Societe: Another great, little brewery with an awesome vibe. Societe has kind of a Victorian/Steampunk thing going which was very, very cool. Silhouetted portraits on the wall and various, Victorian-era gewgaws everywhere make Societe look like the brewery that Mumford & Sons would own. Their Belgian offerings were suitably strong and funky and their Apprentice and Pupil IPAs were solid West Coast hop-forward brews. A popular local stop recommended to us by many, Societe seems like the kind of place that would become a regular haunt if Wifey ever let me move to San Diego (which would never happen because I would spend every waking moment at a brewery if I lived there).
Mike Hess: Hess Brewing was a touch pretentious and far pricier than the other breweries we visited, but they had an absolutely gorgeous facility with fermenters sunk a half-floor down right when you walk in. The staff was very friendly and the beer was top-rate with their Fresh Hop IPA and Ficus Dark Fig Saison taking top honors from Doc and I. Their t-shirts had a bit of an “Affliction” vibe going on so we wisely steered clear of picking up any Hess gear. But again, great beer, and that’s what matters.
Toronado: The only true alehouse we visited, Toronado is the granddaddy of beer bars in San Diego. Featuring an outrageous bottle list and an incredibly well-curated list of draft offerings, Toronado was one of the few places Doc and I sat down in for a proper pint. I must admit, it was nice just relaxing for a moment and not scrambling to see how many different beers we could cram in our gullets in 30 minutes. I eased down with a Bruery Autumn Maple while Doc quaffed a straight-up Sculpin. He’s a man of simple tastes.
Thorn Street: We walked in just as business was about to pick up thanks to a local runner’s group that finished up a route not long after we entered. Fortunately, we had a few minutes to chat up the bartender before the place filled up so she patiently steered us through Thorn Street’s offerings. Their Relay IPA and Menace Imperial IPA were top-notch, but the true standout for both Doc and I was the Nitro Santos Coffee Stout. One of the best “dessert” beers I’ve ever had, it was an easy-drinking, smooth as silk cup of mocha beer that I could have slammed down in one gulp and begged for more. I exclaimed “wow” upon sipping it which is about as demonstrative as I get (I’m generally a stone-faced robot). Long after our trip has faded into the annals of time, I’ll remember that first sip of Santos.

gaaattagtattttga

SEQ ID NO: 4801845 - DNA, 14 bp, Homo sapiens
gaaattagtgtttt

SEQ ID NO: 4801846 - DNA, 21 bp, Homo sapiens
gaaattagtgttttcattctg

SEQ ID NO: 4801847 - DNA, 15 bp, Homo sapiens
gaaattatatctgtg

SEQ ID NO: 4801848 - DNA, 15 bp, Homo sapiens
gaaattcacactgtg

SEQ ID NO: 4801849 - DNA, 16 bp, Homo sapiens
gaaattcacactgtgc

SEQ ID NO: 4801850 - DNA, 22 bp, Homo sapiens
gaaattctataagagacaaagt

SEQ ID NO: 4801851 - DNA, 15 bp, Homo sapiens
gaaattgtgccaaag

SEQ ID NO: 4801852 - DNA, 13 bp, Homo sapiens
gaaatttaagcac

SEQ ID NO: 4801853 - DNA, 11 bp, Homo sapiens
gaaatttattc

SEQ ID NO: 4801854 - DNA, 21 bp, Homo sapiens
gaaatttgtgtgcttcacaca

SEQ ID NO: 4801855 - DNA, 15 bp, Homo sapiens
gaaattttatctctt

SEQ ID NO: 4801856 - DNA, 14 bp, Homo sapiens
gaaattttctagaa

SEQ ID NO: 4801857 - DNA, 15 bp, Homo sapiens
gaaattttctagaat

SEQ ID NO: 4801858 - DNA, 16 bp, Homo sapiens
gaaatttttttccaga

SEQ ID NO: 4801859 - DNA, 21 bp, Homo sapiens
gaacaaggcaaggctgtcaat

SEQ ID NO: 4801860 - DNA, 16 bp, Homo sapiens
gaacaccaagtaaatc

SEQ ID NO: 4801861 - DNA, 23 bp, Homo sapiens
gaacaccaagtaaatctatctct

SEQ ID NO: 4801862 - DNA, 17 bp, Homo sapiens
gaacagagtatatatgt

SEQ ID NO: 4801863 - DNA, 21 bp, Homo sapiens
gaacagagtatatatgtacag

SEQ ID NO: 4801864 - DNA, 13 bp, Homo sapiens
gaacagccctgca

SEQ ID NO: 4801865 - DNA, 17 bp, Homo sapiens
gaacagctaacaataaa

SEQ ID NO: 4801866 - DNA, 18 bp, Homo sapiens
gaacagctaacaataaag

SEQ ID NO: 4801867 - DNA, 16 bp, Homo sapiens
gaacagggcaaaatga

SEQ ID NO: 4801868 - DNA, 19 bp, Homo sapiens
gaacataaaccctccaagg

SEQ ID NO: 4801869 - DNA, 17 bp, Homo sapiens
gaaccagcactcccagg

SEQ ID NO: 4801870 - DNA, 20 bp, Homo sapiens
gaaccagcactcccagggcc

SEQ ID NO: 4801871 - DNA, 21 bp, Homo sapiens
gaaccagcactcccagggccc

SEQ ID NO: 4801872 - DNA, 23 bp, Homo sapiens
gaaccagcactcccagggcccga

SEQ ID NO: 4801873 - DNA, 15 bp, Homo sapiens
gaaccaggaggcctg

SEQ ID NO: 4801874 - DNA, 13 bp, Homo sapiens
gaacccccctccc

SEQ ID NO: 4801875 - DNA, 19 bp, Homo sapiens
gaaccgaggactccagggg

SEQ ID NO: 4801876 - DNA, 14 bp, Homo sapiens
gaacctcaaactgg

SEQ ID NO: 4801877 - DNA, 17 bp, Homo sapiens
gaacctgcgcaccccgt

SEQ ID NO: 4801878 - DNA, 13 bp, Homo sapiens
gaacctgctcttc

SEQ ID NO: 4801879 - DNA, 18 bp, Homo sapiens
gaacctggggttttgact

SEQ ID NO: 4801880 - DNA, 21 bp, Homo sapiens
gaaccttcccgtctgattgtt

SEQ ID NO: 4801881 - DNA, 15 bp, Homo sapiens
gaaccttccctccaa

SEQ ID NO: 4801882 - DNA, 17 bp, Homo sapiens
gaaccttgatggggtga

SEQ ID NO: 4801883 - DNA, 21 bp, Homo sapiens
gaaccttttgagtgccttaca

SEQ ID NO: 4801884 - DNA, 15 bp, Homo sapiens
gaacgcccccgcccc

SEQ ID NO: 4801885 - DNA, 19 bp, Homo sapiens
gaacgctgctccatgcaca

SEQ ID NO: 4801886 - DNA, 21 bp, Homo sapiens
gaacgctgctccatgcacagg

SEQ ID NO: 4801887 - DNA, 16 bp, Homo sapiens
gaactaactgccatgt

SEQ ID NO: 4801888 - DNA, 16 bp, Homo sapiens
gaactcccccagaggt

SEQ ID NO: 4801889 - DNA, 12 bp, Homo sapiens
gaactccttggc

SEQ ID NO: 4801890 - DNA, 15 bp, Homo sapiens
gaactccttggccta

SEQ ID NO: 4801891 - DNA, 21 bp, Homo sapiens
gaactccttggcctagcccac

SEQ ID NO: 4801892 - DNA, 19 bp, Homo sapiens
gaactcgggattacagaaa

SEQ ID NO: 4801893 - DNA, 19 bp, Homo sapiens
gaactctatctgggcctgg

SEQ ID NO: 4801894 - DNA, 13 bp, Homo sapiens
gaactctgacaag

Modern Times: Slouch Sixpack would have disowned us if we skipped Modern Times which brews a Nugget Nectar clone called Blazing World that is as advertised. Modern Times had far and away the coolest atmosphere of any brewery we visited. Towering walls featured incredible mosaic murals…one made up entirely of Post-It notes, the other of comic book covers. The bar was made from stacked books and served cold press coffee was well as killer beer (tasters came in cigar boxes because, sure, why not). The Blazing World was the star of the show, but the Nitro Black House, Fortunate Islands, and Funky Lomaland were not without their charms. An awesome place to visit as long as you can handle the over-the-top, twee, hipster vibe. I’m pretty sure I saw Wes Anderson sitting at the bar…symmetrically framed between two tap handles.
Monkey Paw: A downtown brewpub not far from Petco Park, Monkey Paw was one of the last stops on our trip. We settled in for pints here as the place was mobbed and we were lucky just to find two bar stools. We killed some beautiful IPAs (the Bonobos for Doc and Cellar Monkey w/Passionfruit for me) and watched the Padres hold on in a squeaker against the Giants. Doc and I are Red Sox fans, so watching a team win this year was novel for us (not that we’re complaining after last year’s miracle). Wish we had gotten to Monkey Paw a little earlier when it wasn’t such a frantic scene, but the beer was good and the bartenders were cool.
Mission: Mission Brewery, located in an old Wonder Bread factory next to Petco Park, is a stalwart in the San Diego brewing scene. We tucked into their Tominator Dopplebock and their Plunder IPA as well as a few of their standard offerings. So close to the park, we expected a more vibrant scene, but the crowd was surprisingly sparse. Petco was hosting a post-game concert that night which might have drawn crowds away from the nearby brewery, but we were still a little surprised. A well-regarded brewery anywhere near Fenway Park on a Saturday night would have been an absolute shitshow whereas Mission only had about a dozen people roaming its spacious interior. Still, it was a nice last stop on the trip. We enjoyed our tasters and loved that to use the restroom you basically walked unescorted through the entire brewery. I kind of wanted to drive a forklift around since no one was watching, but I had been drinking and I’ve been told you shouldn’t operate heavy machinery in those conditions. After our mission to Mission, we wandered back to the hotel with the requisite Doner Kabob stop on the way. We then passed out peacefully and dreamed of the myriad breweries we had visited over the past 72 hours.*
*While waking up about a dozen times each to piss because goddamn we drank a lot of fucking beer.
It was a glorious, epic, exhausting and exhilarating trip filled to the brim with fermented magic. Is San Diego truly the Capital of Craft Beer? Yeah, I’d damn well say so.